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Dog Training Survival Guide
Dog Training Survival Guide

How to get out for walks with your dog during the holidays

The holiday season means more time commitments for parties, shopping, travel, dinners, etc. However, something that gets put to the back burner, unintentionally, is taking the dog on walks. I want to share some ways to  help you and your dog thrive, rather than just survive the holidays and make the start of the new year better together.

Be realistic with your time

Making sure your dog will get a walk means really looking at your daily schedule to see if you realistically can get a walk in. Sure you might be off a couple evenings if you stay a little late at work during a normal work week.  However, during the holidays that could be an every day occurrence. This is when writing down a dog walk on your calendar or on your phone is important so you remember it.

Also, our days can get so blurred with time constraints it is easy to forget. Your dog will love you no less for forgetting the walk. However, it is important to make that time for a walk because it not only helps you,  it also helps your dog stay out of trouble when they are home alone.

Modify your walk routine but stick with it

If you usually take your dog out for a 30 minute to 60 minute walk and think there is no way to cut it down, think again. It is not how long the walk is but the quality of the walk that counts. You could do a 30 minute walk in the morning and then at night shorten it down to a 15 minute walk and maybe play with your dog in the house.  The one thing I want to get across is that If you stay consistent with the walks but just modify how long they are or what they involve, it still counts as a walk. Other options for walks could be: potty walk, a quick run/walk, to the neighborhood park or hop in the car and take a little walk somewhere else. This will add some fun for you and your dog and a way to relieve the holiday stress.

Carry a dog walking bag

Bringing a bag filled with stuff for a walk can be useful too.  Some things to carry in the bag: tennis shoes, poop bags, treats, a light, or maybe a  comfortable outfit to change into at the party.  I have in the past put a bag filled with the same items I mentioned above to make the transition from party to walking dogs easier. I think it would be even better to keep the bag in your car trunk so you are  prepared  at any moment.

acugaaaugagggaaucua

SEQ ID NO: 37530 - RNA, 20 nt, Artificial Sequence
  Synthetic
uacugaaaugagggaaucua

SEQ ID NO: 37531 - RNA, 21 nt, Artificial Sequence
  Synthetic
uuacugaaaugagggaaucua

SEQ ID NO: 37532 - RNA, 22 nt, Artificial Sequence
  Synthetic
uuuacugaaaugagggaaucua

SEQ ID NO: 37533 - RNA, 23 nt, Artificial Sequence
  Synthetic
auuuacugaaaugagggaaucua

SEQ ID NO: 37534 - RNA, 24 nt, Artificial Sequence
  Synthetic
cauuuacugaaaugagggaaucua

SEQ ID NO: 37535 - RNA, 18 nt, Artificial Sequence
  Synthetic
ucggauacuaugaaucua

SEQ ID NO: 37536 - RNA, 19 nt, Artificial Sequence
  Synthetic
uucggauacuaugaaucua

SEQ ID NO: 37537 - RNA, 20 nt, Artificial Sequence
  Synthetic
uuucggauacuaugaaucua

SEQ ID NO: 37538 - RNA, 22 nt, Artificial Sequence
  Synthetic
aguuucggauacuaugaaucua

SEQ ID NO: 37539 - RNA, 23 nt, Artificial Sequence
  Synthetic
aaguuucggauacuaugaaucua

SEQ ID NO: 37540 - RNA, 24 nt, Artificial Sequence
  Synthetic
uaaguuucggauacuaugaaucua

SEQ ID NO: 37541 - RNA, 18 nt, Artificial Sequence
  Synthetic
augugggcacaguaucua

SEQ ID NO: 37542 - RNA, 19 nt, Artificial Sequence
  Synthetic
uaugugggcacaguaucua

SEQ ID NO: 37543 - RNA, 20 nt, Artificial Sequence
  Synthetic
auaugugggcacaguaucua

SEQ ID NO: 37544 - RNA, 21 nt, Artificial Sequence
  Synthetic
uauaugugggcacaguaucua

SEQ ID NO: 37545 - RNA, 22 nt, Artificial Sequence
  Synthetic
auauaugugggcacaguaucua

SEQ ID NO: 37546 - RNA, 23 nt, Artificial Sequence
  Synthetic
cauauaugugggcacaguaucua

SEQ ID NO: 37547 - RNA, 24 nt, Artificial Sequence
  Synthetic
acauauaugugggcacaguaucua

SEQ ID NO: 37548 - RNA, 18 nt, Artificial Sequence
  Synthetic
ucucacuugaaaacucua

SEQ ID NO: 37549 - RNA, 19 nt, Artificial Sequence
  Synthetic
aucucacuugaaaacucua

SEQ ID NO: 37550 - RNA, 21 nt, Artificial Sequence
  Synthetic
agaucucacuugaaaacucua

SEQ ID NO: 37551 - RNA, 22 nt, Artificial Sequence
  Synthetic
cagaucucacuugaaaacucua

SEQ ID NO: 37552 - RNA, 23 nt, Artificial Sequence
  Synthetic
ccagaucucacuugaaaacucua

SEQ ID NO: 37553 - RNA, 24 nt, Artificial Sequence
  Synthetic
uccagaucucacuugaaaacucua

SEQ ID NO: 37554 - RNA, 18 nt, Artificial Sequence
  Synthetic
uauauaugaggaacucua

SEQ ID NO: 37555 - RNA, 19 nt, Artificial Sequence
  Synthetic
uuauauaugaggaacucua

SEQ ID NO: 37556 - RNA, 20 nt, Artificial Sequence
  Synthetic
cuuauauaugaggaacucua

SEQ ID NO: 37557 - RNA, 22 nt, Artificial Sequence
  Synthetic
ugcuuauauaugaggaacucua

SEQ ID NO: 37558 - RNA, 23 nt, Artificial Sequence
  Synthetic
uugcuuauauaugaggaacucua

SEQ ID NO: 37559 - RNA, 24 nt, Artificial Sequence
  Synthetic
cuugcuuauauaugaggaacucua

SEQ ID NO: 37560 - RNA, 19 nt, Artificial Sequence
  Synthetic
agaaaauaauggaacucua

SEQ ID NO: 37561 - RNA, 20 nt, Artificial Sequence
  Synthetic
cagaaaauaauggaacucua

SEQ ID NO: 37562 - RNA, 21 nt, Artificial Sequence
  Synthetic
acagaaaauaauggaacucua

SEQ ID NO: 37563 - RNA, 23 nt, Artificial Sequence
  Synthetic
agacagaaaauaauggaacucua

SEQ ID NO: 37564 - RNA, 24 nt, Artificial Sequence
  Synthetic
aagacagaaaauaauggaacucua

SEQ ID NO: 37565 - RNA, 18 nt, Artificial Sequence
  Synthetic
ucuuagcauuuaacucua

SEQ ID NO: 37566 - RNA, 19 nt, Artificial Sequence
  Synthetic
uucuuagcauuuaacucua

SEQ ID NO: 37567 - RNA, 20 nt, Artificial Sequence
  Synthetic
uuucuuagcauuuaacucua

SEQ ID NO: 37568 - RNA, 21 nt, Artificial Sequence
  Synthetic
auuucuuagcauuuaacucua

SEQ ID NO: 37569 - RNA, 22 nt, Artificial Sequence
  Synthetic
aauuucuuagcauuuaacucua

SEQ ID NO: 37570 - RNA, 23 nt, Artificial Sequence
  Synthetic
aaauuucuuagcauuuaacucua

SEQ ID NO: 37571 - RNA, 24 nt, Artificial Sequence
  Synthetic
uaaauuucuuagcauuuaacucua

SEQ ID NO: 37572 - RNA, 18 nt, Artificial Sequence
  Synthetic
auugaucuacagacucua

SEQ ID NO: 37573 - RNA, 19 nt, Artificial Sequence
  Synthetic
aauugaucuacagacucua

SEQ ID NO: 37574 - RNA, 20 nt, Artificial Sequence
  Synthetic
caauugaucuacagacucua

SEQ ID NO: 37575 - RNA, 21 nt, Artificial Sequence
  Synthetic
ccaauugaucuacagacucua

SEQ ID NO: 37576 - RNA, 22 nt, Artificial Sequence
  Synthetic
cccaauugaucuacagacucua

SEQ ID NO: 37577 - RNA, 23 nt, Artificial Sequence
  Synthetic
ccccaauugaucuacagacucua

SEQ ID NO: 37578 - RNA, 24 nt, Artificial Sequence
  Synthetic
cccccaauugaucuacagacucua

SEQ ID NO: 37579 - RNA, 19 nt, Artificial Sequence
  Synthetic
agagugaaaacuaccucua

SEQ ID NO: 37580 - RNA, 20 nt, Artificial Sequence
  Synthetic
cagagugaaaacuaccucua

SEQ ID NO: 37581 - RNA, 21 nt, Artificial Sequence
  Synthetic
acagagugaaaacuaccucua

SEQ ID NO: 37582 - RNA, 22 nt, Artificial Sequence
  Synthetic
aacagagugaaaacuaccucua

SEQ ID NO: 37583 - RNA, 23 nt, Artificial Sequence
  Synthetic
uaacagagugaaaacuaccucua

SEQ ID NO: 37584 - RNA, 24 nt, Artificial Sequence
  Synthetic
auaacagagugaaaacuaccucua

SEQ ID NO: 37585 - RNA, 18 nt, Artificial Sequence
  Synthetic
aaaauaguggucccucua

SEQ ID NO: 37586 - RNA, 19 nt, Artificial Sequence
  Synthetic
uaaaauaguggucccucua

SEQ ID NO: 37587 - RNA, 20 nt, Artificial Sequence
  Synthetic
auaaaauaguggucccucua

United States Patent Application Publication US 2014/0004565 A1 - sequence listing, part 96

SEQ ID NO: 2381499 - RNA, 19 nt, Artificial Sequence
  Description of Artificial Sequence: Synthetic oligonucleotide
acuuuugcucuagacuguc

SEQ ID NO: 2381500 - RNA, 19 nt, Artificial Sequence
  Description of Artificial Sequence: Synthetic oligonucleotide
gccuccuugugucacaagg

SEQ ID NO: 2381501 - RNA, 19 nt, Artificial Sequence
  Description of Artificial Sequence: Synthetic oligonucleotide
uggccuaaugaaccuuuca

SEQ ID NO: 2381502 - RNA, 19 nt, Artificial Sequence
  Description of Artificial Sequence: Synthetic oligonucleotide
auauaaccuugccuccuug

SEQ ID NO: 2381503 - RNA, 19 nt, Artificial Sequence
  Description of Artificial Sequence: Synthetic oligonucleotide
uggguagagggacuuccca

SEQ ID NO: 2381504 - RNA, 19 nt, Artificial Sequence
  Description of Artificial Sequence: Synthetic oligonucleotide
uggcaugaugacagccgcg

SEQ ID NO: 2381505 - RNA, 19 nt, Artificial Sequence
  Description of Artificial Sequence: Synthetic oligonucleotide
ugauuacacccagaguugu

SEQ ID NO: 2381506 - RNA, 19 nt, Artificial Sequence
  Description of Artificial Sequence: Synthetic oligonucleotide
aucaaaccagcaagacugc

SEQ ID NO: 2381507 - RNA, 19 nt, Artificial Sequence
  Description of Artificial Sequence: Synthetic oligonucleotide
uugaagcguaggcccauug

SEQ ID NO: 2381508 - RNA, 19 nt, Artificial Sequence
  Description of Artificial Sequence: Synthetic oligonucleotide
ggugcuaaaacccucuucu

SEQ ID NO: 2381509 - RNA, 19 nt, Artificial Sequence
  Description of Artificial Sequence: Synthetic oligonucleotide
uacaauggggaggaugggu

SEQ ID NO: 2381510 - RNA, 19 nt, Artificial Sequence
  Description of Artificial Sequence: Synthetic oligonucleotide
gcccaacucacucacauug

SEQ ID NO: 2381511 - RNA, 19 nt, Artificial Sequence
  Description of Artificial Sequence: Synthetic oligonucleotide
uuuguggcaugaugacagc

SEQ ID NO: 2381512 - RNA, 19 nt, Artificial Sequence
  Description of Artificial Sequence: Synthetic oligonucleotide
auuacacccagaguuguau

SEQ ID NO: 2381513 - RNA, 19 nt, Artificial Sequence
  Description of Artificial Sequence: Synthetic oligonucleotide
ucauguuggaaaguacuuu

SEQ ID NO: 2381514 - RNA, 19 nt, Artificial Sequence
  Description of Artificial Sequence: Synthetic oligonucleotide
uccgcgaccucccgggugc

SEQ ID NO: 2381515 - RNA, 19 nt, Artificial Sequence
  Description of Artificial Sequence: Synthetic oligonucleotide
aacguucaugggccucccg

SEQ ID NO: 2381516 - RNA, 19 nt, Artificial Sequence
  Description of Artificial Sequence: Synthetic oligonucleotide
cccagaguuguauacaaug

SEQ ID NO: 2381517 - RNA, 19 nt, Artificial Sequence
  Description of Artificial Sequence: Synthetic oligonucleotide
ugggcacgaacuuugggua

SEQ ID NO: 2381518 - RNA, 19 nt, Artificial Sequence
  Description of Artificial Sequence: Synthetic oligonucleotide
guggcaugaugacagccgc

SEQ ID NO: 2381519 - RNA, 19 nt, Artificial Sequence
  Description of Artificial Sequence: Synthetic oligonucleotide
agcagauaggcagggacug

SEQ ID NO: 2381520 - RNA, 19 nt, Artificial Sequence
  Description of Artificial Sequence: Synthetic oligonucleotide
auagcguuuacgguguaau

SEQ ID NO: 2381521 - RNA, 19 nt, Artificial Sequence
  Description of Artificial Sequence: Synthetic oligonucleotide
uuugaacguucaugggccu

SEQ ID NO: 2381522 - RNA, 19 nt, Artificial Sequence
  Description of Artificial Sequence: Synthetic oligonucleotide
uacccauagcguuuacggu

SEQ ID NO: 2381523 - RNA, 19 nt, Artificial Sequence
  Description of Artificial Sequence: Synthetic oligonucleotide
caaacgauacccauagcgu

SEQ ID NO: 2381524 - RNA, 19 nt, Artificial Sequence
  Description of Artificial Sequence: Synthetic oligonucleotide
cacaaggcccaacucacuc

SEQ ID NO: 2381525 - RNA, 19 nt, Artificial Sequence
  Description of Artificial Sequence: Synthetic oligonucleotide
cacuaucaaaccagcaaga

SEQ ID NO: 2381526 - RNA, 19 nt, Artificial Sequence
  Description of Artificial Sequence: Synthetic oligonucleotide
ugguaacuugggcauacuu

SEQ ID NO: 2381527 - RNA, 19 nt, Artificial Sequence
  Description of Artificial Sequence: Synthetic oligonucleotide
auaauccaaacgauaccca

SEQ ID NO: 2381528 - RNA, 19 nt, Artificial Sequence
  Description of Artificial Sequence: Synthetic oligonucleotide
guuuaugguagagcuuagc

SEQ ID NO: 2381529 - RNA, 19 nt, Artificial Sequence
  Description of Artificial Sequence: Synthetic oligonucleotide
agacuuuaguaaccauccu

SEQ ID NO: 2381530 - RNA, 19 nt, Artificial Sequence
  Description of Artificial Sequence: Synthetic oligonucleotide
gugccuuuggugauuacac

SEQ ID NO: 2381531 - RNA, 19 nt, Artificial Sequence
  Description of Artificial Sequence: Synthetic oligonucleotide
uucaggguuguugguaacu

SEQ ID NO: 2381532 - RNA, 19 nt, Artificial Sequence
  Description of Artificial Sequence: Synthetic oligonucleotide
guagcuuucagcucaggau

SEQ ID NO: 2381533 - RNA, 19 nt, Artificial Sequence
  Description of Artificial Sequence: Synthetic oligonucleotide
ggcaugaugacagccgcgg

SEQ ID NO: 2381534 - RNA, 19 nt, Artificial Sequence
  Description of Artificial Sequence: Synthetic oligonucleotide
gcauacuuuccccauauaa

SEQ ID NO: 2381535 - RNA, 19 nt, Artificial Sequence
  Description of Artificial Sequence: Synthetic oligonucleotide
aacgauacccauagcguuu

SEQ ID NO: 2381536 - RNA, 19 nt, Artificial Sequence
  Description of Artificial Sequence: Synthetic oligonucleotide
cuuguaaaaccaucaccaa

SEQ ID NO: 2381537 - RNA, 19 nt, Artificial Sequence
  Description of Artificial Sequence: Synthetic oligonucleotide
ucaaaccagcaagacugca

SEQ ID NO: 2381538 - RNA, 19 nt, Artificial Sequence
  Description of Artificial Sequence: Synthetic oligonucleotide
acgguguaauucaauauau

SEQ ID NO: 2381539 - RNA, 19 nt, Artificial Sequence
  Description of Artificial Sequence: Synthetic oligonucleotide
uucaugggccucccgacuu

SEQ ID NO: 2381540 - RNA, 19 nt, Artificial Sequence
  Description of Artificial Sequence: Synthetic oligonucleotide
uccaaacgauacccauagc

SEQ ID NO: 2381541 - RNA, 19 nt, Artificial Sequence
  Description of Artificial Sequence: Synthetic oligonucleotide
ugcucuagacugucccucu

Let people at the event/party know you may have to leave early because of your dog

Being upfront with the people who are hosting the party will help them to understand when you have to leave early. There will be no hard feelings and total respect for being a responsible dog parent. I think the worse thing you can do is go to a party, then leave and not explain why you left and have everyone wondering what happened. Make sure to say goodbye to everyone before leaving and appreciate the great time. Everyone is happy and you do not have to be stressed or worried that you disappointed someone.  People with small kids or elderly family members  must do the same thing, so do not feel guilty.


***Bonus tip-set the alarm on your cellphone right when you go into the party so you will have a reminder to not forget about your dog.***

Mini-walks before going to your party  

A  mini-walk is a little more than a potty break, but it is another way to get your dog out and make sure he/she will be okay for a couple of hours.  I think we get in such a rush to get out the front door, we think our dog will be okay because we are not staying out too long. However, parties can go on for a lot longer then you think and your dog cannot hold there bladder forever. I think doing a mini-walk maybe an hour before you leave and for only fifteen or twenty minutes will help your dog get out and go to the bathroom. Then when you come back and are really leaving for the party/event, give your dog a food toy. Your dog gets something to keep he/she busy (mental and physical stimulation) as well as a positive reinforcement that when you leave good things happen. Everyone is a winner.

***Bonus tip- you could even write down in your phone when your dog went the bathroom so that you can estimate how long you have before needing to come home for a walk.***

Hire a professional Dog Walker 

If you cannot get to your dog on a walk then having a professional dog walker is the next best thing. They will make sure your dog is taken care of and has a great walk just like you would. I like to text all my clients after each walk to give them a summary or any issue they should be aware of about their dog.  I would ask your dog walker if they could text or e-mail you after the walk so you can get an update about how things went and figure out how soon you need to leave the party.

I hope these suggestions are helpful. You and your dog can enjoy the holidays and still have time for those important walks that make being a dog parent wonderful. Now if you have a dog who pulls you on walks, then my dog pulling course called Who’s Walking Who? is for you http://bit.ly/whoswalkingwhocourse  There are pdfs, checklists, and videos I share ways to stop this terrible and embarrassing behavior your dog does on leash. Buy my course now and let’s make walks in the New Year better.

Access powerful resources to enjoy spending time with your dog and never be embarrassed by their behavior again:


Take the Leash Manners Assessment to learn why your dog is pulling on the leash


Tired of your dog always jumping up? Learn why they jump and how to fix it here


Tired of your dog losing their minds when the doorbell rings? This is for you.

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